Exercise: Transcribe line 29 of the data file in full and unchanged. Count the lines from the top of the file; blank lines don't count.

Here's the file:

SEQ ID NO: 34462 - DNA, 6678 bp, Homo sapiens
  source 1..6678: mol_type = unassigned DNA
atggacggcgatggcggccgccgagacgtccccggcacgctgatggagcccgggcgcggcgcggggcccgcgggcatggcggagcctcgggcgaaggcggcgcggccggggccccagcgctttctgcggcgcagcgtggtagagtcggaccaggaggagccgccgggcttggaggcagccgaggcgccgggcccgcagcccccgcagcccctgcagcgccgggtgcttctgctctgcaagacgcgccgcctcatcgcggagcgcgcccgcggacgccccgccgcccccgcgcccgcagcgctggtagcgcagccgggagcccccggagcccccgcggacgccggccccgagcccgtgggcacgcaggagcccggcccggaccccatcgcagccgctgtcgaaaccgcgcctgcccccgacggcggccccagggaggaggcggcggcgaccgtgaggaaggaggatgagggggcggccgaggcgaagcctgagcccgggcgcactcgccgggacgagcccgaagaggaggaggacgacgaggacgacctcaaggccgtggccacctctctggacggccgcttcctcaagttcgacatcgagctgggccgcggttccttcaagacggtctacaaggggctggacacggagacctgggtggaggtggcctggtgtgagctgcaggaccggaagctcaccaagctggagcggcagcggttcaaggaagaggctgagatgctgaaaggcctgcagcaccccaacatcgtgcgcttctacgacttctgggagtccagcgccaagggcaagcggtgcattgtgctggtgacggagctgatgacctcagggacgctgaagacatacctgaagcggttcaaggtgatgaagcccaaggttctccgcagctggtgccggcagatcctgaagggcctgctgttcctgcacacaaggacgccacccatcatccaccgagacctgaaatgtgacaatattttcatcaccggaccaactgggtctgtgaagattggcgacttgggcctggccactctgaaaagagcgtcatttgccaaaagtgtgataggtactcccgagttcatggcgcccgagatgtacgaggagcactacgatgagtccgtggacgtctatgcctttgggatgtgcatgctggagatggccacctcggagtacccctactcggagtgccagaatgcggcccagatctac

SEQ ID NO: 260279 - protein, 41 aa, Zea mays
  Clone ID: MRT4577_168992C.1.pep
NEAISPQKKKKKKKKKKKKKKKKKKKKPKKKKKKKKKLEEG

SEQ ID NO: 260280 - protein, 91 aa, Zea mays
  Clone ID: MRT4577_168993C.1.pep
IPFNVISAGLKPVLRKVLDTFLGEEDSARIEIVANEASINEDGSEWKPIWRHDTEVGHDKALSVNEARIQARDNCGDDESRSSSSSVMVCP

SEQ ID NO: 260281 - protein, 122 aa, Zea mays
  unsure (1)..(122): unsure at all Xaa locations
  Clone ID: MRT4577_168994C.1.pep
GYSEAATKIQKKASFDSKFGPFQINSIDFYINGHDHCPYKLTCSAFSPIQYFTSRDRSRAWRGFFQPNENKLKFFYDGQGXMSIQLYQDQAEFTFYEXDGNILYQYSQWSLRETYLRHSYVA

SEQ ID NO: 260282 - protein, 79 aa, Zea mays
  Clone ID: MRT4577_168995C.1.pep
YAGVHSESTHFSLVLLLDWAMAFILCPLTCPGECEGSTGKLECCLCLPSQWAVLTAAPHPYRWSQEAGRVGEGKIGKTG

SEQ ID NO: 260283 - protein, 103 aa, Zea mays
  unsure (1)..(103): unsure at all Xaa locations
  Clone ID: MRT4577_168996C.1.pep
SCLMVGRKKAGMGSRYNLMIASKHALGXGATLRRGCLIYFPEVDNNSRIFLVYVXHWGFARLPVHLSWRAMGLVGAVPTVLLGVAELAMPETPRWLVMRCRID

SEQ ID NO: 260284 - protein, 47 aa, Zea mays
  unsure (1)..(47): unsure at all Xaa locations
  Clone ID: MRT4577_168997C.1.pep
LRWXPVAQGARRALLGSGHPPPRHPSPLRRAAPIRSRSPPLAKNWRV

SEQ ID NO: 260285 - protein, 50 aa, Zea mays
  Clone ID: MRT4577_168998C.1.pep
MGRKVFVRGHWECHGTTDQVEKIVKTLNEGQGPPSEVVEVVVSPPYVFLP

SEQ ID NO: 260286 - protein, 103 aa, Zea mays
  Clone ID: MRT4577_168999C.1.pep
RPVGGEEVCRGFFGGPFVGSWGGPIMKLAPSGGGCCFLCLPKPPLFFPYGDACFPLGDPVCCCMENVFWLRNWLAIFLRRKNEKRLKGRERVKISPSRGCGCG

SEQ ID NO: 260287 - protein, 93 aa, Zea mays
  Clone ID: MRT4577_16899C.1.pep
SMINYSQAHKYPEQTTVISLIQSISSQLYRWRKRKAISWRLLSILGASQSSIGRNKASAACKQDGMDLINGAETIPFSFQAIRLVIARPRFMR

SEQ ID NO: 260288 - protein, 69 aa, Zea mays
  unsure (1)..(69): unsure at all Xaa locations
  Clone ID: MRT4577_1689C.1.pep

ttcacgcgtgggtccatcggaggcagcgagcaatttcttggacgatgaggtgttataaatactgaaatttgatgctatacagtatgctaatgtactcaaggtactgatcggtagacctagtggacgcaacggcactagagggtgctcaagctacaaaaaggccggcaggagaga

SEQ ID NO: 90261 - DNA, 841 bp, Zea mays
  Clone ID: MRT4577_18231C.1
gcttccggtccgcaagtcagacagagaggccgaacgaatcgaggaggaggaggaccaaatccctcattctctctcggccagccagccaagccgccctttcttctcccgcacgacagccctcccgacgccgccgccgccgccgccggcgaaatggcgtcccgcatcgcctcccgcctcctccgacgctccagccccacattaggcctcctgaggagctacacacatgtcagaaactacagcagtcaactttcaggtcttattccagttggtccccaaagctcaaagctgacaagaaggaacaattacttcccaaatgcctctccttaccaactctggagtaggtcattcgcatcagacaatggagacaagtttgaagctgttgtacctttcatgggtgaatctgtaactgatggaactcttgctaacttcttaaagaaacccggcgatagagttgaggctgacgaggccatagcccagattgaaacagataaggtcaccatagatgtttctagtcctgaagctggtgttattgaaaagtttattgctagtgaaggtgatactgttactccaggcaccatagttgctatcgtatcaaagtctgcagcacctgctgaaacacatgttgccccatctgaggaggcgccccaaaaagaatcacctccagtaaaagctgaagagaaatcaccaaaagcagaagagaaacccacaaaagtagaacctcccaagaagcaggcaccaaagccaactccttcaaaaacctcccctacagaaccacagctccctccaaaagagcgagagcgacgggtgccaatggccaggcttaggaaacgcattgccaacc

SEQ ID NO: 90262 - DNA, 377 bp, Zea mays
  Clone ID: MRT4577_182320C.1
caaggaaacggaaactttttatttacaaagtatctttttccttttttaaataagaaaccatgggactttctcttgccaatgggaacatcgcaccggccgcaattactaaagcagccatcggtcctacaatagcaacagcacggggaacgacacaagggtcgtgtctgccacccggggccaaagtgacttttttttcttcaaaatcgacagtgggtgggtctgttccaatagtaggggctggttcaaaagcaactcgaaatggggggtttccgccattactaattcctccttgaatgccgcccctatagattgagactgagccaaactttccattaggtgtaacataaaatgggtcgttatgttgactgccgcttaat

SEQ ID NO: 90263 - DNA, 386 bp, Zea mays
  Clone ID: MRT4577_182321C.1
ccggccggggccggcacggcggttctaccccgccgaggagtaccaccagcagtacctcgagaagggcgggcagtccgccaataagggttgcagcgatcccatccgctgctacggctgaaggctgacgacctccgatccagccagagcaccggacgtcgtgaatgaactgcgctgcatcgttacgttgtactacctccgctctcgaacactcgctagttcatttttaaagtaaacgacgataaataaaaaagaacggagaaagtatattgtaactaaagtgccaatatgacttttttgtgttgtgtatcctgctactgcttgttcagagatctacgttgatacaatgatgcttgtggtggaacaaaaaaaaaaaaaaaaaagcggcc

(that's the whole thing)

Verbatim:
  Clone ID: MRT4577_168999C.1.pep